Accepted paper:

Writing the history of Uganda's Nakivale Refugee Settlement


Jolien Tegenbos (Ghent University)

Paper short abstract:

This presentation is concerned with the creation of a refugee camp history. I present in this paper my ongoing research on conflict mobilities, refugee and camp histories with a focus on Uganda's Nakivale Refugee Settlement, established as a refuge in 1958.

Paper long abstract:

What are the meanings, values and dangers of writing history in/for a place characterized by a permanent temporariness; by many as "nothingness"; where people aim to hide a variety of activities, trajectories, personal histories, and identities; and where many are found to be preoccupied with forgetting rather than remembering? How would the writing of such a history take shape? For whom would it be written and which ethics would be involved in such a process? By looking into refugee and camp histories, circular return migration and its temporalities, I try to understand how refugee mobility is connected to a broader migration history of Central-East Africa. Further, as camps are slowly growing their own histories through protracted existence, their interplay with the (inter)national polities beyond its boundaries changes. This paper looks at a world that connects many refugee-settings in countries across Central-East Africa, but of which most people were ignorant of its particularities until they entered the reception centers. At the same time however, refugee trajectories also indicate that it is a world out of which many people seem not to be able to get out (easily). In addition, the in many ways hidden and protracted character of refugee camps leaves internal dynamics (entangled with national, regional, international dynamics) generating complex mobilities, realities and histories invisible. This paper asks what meanings, values and dangers could lie in recognizing or ignoring these histories.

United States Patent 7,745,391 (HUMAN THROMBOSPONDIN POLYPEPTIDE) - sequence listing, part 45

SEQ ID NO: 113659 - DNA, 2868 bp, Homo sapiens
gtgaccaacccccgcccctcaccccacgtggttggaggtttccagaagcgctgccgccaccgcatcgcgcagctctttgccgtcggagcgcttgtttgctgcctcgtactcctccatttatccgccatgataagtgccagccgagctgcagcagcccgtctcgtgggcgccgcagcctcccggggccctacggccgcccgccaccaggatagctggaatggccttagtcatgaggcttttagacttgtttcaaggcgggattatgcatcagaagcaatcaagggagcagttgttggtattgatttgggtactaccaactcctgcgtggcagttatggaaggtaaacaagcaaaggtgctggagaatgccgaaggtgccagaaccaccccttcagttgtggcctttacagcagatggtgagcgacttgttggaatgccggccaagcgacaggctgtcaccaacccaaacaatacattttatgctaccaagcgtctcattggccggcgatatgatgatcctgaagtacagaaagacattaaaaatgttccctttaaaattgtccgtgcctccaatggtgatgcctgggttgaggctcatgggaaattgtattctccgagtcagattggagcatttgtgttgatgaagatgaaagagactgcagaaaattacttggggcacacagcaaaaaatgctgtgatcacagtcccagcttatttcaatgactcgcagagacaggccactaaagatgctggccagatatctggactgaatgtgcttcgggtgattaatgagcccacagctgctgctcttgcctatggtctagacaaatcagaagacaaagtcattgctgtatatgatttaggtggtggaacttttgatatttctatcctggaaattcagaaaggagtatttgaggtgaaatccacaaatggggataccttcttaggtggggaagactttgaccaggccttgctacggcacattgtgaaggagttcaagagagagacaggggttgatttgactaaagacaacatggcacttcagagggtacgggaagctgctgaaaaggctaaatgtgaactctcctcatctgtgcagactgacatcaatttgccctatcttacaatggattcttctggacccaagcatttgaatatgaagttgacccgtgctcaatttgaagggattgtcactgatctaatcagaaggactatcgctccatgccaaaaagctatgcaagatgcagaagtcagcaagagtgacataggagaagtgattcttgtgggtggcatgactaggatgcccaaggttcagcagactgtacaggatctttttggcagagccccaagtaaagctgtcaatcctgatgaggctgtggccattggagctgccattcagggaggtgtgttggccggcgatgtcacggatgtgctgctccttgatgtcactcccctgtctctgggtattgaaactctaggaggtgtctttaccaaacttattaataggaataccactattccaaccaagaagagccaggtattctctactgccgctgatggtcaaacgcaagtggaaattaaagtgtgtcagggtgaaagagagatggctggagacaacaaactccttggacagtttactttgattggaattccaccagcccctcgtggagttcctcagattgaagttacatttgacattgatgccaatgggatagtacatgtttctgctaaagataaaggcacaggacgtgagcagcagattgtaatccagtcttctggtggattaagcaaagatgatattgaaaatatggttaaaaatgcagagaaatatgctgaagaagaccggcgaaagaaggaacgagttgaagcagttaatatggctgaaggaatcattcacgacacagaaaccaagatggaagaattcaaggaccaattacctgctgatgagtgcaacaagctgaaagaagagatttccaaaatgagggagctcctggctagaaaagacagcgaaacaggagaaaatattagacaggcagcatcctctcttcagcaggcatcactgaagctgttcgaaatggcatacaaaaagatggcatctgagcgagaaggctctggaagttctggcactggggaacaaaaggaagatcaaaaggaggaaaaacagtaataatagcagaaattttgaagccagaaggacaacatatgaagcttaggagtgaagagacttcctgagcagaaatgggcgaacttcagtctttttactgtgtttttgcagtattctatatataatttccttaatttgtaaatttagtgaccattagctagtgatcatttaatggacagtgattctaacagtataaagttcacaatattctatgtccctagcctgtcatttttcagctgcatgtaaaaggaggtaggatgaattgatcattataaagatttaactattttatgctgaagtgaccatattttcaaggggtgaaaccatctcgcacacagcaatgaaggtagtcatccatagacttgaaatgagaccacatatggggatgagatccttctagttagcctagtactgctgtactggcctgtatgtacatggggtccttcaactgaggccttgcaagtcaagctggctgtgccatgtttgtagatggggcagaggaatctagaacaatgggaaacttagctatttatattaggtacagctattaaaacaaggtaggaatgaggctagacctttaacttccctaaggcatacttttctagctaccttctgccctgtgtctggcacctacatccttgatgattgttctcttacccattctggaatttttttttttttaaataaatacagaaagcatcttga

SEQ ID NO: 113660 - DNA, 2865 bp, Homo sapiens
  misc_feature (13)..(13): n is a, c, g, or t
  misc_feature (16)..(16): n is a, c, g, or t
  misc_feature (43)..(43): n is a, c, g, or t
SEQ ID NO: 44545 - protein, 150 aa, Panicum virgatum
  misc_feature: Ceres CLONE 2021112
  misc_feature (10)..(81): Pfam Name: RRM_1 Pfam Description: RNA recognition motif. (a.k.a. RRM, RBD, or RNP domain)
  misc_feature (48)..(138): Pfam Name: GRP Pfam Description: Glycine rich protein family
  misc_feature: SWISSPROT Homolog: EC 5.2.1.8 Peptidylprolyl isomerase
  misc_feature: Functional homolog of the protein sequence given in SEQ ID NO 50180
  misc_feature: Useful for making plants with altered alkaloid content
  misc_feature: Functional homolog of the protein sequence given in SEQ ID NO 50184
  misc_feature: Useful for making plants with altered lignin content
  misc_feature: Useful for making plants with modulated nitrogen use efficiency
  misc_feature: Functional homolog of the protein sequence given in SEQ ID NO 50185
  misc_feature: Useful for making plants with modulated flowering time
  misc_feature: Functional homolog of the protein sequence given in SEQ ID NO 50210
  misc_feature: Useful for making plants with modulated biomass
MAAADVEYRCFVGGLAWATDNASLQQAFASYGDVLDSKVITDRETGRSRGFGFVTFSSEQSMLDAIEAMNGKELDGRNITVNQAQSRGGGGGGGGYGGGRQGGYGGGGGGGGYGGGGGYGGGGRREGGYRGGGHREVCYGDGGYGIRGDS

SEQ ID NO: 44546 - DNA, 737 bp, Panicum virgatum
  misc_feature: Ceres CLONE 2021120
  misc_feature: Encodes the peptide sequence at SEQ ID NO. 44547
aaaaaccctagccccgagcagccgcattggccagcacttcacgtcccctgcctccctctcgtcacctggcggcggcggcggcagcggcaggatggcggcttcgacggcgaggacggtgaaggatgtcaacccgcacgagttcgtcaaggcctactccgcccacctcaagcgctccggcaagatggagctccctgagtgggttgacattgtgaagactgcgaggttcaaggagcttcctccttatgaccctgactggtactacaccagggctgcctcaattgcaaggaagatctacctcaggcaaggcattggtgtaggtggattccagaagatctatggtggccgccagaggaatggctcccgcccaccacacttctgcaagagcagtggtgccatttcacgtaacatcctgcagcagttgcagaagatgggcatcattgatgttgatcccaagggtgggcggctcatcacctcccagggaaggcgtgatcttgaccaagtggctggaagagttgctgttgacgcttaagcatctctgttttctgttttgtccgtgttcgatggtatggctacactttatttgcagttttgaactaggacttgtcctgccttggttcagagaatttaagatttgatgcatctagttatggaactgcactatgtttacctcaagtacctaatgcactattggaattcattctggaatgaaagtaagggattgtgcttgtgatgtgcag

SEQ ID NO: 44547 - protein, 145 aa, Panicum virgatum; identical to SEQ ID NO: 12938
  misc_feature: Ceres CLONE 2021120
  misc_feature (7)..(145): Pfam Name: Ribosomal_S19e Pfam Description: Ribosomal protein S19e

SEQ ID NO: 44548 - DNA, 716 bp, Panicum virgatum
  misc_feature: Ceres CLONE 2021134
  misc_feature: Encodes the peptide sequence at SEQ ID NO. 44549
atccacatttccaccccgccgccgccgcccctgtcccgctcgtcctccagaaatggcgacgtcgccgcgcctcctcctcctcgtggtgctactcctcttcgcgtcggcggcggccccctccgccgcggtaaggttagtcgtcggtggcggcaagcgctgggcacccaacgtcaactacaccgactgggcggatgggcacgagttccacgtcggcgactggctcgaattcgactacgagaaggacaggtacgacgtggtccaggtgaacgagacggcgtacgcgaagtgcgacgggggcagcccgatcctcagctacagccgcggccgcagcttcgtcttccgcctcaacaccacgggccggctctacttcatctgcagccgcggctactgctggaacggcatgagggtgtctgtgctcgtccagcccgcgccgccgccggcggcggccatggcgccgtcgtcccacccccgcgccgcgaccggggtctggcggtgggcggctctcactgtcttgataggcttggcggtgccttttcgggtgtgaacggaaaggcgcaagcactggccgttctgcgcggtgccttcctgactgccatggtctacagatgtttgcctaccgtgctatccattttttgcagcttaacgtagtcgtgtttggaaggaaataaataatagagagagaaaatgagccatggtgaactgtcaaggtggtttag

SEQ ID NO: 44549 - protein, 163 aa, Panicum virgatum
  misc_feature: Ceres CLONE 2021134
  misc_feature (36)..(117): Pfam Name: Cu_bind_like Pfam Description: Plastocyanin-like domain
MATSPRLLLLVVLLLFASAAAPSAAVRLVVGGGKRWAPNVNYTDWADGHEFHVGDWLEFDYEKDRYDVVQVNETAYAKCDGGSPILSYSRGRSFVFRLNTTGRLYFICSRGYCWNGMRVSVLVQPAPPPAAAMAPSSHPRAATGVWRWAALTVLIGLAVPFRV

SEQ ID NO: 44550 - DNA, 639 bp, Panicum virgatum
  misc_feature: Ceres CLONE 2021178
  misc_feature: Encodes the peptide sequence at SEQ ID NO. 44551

panel His15
Refugee camps in African history